Most traditional, beaten-path memory layouts allocate the stack space above the data sections in RAM, even though the stack grows “down” (towards the lower memory addresses) in most embedded processors. This arrangement puts your program data in the path of destruction of a stack overflow. In other words, you violate the first Gun Safety Rule (ALWAYS keep the gun pointed in a safe direction!) and you end up shooting yourself in the foot. This article shows how to locate the stack at the BEGINNING of RAM and thus point it in the "safe" direction.

nRF5 to nRF Connect SDK migration via DFU over BLE

Mike Voytovich September 7, 20232 comments

This writeup contains some notes on how I was able to migrate one of my clients projects based on the nRF5 SDK, to nRF Connect SDK (NCS) based firmware, via a DFU to devices in the field over BLE.

C to C++: 5 Tips for Refactoring C Code into C++

Jacob Beningo July 23, 20235 comments

The article titled "Simple Tips to Refactor C Code into C++: Improve Embedded Development" provides essential guidance for embedded developers transitioning from C to C++. The series covers fundamental details necessary for a seamless transition and emphasizes utilizing C++ as a better C rather than diving into complex language features. The article introduces five practical tips for refactoring C code into C++. Replace #define with constexpr and const: Discouraging the use of #define macros, the article advocates for safer alternatives like constexpr and const to improve type safety, debugging, namespaces, and compile-time computation. Use Namespaces: Demonstrating the benefits of organizing code into separate logical groupings through namespaces, the article explains how namespaces help avoid naming conflicts and improve code readability. Replace C-style Pointers with Smart Pointers and References: Emphasizing the significance of avoiding raw pointers, the article suggests replacing them with C++ smart pointers (unique_ptr, shared_ptr, weak_ptr) and using references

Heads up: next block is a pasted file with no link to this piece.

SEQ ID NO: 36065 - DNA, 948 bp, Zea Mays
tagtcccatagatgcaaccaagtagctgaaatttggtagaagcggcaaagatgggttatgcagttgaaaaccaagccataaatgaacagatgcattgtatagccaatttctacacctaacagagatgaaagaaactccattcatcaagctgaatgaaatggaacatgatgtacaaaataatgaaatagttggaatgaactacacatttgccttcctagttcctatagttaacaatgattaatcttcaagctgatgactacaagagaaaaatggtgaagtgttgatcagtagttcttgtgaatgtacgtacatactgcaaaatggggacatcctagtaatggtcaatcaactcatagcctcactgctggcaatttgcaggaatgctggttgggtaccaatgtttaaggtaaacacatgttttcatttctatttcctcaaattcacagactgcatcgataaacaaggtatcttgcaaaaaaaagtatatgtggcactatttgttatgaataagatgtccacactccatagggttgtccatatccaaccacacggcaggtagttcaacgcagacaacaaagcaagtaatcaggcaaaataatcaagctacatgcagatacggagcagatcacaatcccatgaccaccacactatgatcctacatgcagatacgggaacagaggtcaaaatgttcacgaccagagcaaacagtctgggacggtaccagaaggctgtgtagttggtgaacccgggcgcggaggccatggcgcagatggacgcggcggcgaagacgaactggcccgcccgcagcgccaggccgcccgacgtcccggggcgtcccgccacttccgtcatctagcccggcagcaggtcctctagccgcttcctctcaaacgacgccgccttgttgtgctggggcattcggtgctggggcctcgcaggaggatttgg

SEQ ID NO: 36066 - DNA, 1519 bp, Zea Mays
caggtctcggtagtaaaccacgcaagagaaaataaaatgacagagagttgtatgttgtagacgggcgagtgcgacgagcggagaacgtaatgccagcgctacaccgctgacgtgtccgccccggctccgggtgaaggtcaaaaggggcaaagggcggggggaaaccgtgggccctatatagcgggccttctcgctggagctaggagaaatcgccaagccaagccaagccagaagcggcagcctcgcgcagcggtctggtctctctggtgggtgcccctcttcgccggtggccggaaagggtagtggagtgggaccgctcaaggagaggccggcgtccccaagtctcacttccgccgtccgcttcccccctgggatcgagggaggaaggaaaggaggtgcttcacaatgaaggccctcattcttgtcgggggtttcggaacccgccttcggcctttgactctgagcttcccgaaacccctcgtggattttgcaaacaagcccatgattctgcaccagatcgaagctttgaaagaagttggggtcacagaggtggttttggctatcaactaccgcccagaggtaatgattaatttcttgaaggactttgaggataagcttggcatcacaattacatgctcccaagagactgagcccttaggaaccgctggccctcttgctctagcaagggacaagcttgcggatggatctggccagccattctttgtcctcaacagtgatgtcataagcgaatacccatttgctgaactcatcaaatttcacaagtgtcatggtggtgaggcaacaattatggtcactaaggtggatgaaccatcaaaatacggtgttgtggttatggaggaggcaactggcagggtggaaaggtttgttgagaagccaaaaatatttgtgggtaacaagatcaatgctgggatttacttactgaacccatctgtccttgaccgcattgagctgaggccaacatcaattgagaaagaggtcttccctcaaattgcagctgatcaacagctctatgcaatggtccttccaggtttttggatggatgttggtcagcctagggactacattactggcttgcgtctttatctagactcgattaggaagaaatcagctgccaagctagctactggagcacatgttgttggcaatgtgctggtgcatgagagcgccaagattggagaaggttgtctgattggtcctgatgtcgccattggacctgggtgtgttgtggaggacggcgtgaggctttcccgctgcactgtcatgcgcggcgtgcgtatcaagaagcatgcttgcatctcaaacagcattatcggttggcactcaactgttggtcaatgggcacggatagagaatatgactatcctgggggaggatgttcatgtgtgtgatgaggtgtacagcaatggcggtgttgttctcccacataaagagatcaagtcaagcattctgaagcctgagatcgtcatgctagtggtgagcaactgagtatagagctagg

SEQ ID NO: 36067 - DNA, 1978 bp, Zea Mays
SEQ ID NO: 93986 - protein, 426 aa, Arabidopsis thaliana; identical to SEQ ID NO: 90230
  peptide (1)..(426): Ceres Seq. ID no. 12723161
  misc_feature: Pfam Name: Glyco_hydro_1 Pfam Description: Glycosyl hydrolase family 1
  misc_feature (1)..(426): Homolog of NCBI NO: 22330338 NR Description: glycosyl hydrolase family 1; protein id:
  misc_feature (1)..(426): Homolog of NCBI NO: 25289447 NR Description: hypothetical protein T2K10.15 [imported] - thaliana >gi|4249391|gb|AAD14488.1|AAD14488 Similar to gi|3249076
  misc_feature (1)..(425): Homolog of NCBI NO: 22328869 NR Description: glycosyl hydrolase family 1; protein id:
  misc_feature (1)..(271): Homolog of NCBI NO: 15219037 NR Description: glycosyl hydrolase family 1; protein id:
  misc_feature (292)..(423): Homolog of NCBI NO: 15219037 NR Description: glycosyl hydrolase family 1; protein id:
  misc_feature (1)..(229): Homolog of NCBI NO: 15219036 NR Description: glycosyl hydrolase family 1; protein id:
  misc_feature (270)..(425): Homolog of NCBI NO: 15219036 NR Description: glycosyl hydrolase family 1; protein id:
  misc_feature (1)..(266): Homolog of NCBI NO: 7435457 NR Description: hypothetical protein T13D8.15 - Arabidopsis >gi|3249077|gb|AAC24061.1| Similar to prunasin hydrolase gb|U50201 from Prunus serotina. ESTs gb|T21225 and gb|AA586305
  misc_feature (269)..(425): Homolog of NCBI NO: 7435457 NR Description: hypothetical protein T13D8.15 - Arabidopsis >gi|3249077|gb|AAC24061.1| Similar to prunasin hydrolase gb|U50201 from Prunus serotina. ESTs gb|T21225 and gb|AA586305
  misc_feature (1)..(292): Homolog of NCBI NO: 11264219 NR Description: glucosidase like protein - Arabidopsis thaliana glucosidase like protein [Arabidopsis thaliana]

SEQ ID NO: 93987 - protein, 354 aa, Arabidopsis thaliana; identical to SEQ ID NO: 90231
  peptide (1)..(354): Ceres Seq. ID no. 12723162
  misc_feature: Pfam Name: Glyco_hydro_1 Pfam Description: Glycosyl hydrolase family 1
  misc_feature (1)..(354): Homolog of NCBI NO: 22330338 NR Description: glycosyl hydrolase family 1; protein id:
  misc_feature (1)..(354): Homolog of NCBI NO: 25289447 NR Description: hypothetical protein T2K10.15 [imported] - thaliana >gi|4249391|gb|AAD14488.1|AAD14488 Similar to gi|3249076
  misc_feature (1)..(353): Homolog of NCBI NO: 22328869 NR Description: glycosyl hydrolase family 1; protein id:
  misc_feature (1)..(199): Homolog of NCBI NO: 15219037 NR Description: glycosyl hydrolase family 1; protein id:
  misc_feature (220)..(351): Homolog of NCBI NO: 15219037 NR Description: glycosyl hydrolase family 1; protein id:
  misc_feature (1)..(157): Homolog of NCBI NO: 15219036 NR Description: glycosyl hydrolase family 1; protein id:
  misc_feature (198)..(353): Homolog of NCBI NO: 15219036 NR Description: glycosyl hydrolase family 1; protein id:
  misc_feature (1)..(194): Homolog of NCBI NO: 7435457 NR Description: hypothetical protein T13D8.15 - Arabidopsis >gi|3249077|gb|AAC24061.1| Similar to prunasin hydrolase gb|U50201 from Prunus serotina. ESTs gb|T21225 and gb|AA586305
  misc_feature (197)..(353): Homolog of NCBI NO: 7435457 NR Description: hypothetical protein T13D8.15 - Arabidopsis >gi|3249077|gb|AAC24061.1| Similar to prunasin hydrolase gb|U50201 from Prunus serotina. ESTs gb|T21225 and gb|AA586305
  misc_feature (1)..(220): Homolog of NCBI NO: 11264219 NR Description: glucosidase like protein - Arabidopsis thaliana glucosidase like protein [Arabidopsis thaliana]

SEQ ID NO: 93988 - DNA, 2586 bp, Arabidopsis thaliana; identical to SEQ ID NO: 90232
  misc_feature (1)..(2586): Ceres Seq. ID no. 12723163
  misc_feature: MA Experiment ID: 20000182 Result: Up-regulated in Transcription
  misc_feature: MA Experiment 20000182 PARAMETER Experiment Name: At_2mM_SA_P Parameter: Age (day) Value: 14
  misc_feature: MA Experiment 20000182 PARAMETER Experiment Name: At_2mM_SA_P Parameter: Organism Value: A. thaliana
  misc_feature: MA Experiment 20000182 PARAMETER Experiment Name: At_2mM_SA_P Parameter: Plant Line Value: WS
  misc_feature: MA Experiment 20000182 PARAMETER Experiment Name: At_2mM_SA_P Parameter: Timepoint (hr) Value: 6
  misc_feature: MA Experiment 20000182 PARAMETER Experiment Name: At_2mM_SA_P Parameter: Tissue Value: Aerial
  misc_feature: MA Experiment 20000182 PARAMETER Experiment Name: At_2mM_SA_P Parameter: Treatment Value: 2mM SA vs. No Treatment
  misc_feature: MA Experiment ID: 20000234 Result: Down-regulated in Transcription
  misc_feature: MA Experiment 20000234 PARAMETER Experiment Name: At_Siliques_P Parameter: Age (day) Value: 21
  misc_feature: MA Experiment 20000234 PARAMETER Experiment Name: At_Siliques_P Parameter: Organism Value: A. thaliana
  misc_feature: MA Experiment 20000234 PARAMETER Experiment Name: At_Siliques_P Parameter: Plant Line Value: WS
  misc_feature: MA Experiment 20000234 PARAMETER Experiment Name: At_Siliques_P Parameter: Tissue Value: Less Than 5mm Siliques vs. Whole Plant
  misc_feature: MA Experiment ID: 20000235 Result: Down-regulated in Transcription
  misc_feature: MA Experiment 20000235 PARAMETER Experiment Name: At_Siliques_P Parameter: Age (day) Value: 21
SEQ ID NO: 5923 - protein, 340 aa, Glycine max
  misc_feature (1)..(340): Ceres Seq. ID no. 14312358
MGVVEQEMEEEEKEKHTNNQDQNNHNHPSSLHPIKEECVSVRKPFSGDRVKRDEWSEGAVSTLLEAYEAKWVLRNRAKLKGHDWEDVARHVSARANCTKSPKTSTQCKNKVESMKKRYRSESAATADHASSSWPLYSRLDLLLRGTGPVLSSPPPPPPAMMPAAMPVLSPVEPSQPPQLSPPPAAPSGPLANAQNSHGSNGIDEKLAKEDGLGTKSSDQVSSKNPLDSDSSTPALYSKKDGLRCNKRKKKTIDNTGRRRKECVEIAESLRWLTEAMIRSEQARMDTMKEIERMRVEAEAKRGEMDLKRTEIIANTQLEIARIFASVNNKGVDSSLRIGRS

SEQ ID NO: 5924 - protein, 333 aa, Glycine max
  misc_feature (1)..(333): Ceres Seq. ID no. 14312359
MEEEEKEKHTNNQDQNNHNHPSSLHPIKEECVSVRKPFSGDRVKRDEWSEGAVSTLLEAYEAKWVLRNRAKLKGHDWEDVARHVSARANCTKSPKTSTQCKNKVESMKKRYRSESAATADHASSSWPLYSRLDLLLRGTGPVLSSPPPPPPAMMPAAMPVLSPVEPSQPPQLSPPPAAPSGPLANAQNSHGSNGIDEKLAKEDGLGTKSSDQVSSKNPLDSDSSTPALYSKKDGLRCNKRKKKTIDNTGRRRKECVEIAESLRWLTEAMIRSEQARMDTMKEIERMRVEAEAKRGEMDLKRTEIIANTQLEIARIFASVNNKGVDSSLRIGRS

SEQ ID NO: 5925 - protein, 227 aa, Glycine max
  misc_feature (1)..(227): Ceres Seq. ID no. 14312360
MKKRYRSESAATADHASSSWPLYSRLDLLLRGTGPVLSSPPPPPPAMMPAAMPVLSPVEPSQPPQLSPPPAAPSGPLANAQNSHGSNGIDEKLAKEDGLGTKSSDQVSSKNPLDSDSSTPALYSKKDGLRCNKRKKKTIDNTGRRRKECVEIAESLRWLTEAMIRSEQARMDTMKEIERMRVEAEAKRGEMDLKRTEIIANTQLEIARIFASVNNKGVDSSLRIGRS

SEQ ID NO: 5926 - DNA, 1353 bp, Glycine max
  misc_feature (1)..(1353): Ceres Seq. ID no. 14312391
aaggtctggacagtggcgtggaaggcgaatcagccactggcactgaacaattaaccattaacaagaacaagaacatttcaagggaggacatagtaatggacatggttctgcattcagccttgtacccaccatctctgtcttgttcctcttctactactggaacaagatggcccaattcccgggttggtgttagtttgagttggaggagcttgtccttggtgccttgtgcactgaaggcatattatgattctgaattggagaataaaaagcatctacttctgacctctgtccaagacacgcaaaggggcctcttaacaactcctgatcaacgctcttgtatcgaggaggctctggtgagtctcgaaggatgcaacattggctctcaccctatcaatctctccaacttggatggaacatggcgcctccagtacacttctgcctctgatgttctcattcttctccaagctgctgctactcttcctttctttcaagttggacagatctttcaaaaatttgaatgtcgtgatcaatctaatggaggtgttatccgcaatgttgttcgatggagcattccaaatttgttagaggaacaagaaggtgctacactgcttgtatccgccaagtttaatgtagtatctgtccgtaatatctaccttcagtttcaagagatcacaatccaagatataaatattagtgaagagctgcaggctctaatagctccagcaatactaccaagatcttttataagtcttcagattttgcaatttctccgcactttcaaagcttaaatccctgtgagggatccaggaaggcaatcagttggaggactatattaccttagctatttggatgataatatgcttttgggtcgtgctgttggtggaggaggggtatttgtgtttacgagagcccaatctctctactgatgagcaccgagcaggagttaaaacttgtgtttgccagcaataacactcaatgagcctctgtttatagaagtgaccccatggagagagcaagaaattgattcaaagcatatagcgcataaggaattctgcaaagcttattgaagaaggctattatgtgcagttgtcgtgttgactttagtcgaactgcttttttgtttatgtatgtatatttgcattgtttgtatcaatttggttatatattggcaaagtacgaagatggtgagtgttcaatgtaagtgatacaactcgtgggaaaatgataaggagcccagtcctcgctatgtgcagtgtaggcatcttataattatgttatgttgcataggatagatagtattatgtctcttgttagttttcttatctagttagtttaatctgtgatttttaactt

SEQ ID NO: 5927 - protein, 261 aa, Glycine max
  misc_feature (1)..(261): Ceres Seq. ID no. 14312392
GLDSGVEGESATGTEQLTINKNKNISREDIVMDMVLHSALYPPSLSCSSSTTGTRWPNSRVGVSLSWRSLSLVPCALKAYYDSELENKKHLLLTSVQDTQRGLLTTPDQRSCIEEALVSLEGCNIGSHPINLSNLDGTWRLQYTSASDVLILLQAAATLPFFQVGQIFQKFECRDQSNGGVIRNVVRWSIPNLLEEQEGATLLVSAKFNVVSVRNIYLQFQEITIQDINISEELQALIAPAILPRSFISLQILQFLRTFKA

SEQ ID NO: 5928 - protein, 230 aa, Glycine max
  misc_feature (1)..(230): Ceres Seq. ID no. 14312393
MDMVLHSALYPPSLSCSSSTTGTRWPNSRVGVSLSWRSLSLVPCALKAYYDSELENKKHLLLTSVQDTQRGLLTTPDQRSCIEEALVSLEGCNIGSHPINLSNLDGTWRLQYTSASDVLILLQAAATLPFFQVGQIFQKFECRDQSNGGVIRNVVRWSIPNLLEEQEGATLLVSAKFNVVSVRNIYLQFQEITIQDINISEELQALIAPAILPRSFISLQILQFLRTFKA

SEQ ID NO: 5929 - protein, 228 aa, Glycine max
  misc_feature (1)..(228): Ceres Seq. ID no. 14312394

NULL pointer protection with ARM Cortex-M MPU

Miro Samek July 16, 2023